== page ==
Full House Reading Challenge – Breath – Tim Winton

Genre: Bildungsroman, Australian Fiction,

Narrative Style: first person, flashback framed by present day.

Rating: 4/5

Published: 2008

Format: Kindle

Synopsis: Bruce Pike is a paramedic. When he attends what appears to be a suicide by hanging, it takes him back to his thrill-seeking adolscence with his friend Loonie. They meet Sando, an older man who is keen to take their daring to new levels. 

Reading Challenges: Full House Reading Challenge – Genre Australian Fiction.

The story starts when Bruce Pike is called to what seems to be a suicide by hanging. A teenage boy has been found hanged by his parents. It is a horrific and emotional opening. There is something not quite right about the scene and Bruce knows straightaway that it is not a suicide. Much to the chagrin of his paramedic partner, he refuses to spill the beans as to how he knows.

The incident takes Bruce back to his childhood when he hung around with Loonie, the town’s wild boy when they spent their hours surfing. Not longer after, they meet Sando, an older man who lives a hippie lifestyle and seems to have no cares in the world.

The novel goes on to explore masculinity and the need for adrenalin. There is a stark contrast between the daring and exciting Sando and Bruce’s parents who are decsribed as dull and everyday. As the friendship between the three deepens, so the waves they take on get bigger and Bruce gets more and more nervous. A rivalry develops between Loonie and Bruce, and Bruce knows he has no hope of winning. He just isn’t brave enough.

When Sando goes away, taking Loonie with him, to explore foreign waves, Bruce is bereft. He begins to visit Sando’s wife and becomes involved in her erotic thrillseeking, something that both repulses and attracts him.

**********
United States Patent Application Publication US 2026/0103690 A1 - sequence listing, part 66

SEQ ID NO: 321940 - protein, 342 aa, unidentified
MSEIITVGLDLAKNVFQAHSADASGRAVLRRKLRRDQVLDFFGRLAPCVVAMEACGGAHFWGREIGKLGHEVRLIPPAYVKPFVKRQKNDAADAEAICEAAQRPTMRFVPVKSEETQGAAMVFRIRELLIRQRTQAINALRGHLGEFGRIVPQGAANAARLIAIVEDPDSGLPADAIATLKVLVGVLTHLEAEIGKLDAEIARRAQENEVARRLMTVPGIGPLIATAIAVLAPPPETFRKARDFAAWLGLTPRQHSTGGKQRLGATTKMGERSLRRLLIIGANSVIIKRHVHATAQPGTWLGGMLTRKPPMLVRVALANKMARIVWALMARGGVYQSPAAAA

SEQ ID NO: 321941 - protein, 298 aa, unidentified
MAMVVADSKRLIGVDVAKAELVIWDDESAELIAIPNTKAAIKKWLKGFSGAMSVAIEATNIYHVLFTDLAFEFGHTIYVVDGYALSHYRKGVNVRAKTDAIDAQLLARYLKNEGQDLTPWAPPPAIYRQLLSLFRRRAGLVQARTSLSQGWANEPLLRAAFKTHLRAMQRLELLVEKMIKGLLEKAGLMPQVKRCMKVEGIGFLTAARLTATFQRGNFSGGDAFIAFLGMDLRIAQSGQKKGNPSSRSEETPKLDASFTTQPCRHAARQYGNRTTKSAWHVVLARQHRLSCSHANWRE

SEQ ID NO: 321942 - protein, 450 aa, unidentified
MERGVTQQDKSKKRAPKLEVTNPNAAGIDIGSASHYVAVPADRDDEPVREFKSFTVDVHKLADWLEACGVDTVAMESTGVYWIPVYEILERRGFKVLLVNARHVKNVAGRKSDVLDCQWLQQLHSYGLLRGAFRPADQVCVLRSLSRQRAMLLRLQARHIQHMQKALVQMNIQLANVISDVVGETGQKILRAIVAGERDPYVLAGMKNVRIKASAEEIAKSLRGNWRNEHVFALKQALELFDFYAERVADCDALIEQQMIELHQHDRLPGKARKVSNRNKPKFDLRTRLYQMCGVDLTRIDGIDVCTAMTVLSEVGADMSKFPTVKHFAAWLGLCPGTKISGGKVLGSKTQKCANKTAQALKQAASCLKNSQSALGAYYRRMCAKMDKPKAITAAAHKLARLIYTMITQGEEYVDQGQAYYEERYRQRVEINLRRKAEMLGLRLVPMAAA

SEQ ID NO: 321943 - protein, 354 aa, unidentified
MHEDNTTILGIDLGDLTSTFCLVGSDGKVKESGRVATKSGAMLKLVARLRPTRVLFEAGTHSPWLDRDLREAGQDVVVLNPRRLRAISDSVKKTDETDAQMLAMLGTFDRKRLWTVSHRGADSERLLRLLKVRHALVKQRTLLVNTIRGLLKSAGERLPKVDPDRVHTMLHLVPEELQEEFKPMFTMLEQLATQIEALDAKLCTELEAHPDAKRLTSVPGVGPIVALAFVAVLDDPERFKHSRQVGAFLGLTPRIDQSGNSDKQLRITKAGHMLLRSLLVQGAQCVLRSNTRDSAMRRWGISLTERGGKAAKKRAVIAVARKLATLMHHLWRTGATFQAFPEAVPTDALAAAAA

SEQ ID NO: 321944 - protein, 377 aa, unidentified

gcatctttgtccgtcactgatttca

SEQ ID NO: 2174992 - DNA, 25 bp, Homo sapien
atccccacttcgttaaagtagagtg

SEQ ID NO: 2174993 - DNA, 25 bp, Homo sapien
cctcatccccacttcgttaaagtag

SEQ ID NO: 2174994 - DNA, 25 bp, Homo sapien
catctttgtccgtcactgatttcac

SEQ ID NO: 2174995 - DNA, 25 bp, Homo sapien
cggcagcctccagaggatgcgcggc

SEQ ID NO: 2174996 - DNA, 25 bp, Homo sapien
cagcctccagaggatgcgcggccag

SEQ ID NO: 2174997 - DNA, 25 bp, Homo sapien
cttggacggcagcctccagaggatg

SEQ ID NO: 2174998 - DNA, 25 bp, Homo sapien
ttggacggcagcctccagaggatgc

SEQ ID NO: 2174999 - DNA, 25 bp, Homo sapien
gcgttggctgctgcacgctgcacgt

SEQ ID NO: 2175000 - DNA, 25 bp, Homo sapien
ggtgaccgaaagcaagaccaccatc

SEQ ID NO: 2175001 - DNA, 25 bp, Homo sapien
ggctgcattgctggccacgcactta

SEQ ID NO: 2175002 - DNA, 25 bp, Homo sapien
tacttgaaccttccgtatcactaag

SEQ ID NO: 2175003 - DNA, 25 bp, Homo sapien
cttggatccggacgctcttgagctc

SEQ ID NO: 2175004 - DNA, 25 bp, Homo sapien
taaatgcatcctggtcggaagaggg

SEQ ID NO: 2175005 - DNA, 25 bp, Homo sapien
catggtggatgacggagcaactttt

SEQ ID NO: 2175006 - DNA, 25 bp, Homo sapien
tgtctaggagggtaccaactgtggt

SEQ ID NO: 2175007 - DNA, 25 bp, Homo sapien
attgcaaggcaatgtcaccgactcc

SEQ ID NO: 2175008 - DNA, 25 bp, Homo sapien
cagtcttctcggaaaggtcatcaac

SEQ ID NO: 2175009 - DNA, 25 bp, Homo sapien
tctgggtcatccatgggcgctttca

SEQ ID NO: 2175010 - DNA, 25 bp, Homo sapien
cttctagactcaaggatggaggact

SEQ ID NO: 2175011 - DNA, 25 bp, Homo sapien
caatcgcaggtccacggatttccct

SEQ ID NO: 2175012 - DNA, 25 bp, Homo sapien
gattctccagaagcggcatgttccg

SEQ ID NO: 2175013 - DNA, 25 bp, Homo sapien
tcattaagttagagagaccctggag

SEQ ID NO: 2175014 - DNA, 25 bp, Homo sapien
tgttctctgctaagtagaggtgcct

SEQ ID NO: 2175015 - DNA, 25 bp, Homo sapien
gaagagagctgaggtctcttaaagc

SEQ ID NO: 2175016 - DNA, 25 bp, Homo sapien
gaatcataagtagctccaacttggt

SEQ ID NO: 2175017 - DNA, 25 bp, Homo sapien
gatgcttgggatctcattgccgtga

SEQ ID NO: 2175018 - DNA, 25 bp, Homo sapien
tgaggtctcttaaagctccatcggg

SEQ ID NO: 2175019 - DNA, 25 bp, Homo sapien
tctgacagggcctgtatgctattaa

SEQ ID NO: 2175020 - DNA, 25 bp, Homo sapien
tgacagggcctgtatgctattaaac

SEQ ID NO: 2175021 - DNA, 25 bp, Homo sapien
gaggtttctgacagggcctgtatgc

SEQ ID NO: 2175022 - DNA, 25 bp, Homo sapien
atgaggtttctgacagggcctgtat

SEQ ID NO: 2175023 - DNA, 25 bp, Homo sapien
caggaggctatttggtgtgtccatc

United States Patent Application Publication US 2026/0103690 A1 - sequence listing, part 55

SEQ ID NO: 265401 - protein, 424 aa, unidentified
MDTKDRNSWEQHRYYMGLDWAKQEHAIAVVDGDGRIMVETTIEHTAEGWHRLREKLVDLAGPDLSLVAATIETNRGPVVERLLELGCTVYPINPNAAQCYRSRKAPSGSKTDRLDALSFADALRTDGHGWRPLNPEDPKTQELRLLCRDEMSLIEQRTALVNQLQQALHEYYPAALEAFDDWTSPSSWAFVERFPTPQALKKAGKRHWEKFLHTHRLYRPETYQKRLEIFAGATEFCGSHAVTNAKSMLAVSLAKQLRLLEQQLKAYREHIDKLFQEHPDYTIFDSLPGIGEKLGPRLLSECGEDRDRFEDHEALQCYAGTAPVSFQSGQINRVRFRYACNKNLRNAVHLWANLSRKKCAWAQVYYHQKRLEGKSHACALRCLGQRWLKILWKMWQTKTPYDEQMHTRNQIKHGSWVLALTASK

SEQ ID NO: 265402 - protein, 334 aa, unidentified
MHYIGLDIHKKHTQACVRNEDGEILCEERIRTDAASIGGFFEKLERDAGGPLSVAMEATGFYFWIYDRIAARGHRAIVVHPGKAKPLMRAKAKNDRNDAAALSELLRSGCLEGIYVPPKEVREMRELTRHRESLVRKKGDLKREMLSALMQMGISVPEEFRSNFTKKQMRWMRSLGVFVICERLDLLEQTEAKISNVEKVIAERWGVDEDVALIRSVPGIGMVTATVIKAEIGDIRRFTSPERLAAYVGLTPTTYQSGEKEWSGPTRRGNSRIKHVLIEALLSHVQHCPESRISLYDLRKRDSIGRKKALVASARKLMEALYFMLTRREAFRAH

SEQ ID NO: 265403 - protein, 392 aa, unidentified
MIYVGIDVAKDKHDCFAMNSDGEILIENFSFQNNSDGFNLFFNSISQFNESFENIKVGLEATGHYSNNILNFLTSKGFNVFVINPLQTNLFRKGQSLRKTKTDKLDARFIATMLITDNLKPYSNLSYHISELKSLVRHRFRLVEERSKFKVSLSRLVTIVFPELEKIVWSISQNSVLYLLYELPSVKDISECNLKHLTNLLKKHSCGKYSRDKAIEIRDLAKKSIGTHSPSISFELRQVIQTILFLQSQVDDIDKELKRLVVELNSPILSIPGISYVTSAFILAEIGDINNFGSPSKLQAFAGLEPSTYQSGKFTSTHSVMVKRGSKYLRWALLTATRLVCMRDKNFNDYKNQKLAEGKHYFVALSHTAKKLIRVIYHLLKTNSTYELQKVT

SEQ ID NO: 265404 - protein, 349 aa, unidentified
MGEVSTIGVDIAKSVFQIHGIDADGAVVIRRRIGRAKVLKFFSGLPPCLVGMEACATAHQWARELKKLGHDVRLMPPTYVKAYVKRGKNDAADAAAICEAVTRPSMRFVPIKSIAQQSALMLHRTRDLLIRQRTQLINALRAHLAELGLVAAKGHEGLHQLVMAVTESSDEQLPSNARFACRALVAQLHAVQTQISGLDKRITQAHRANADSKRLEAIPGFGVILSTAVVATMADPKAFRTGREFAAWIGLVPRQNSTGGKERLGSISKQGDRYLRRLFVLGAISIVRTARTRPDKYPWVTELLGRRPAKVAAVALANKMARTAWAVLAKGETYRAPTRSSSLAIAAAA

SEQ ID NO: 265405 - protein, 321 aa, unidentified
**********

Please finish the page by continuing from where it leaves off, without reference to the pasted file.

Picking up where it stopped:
Bruce’s voice is very much an Australian one. Winton captures the speech patterns of his native country successfully while also putting Australian masculinity under the microscope. I enjoyed it immensely. My only criticism is that the end of the novel seemed a little rushed as Bruce moves to talking about his adult life. Apart from that, a very good read.

 

 

 

Full House Reading Challenge: The Short Drop – Matthew Fitzsimmons (Contains Spoilers)

Genre: Thriller

Narrative Style: Third Person from various viewpoints.

Rating: 2/5

Published: 2015

Format: Kindle

Synopsis: Ten Years ago, senator’s daughter Suzanne Lombard disappeared. She has never been found. Gibson Vaughn, childhood friend of Suzanne is still finding her disappearance difficult to deal with so when he is approached by old nemesis, George Abe, who has a new lead, he is torn between wanting to find the truth and his dislike of Abe. When he agrees, he has no idea of the tangled web into which he will be pulled.

Reading Challenges: Full House Reading Challenge – Genre – Debut Novel. 

People really seem to like this book. There are barely any reviews on Goodreads that are less than 4 stars. I really don’t understand this as I found this book to be ordinary at best.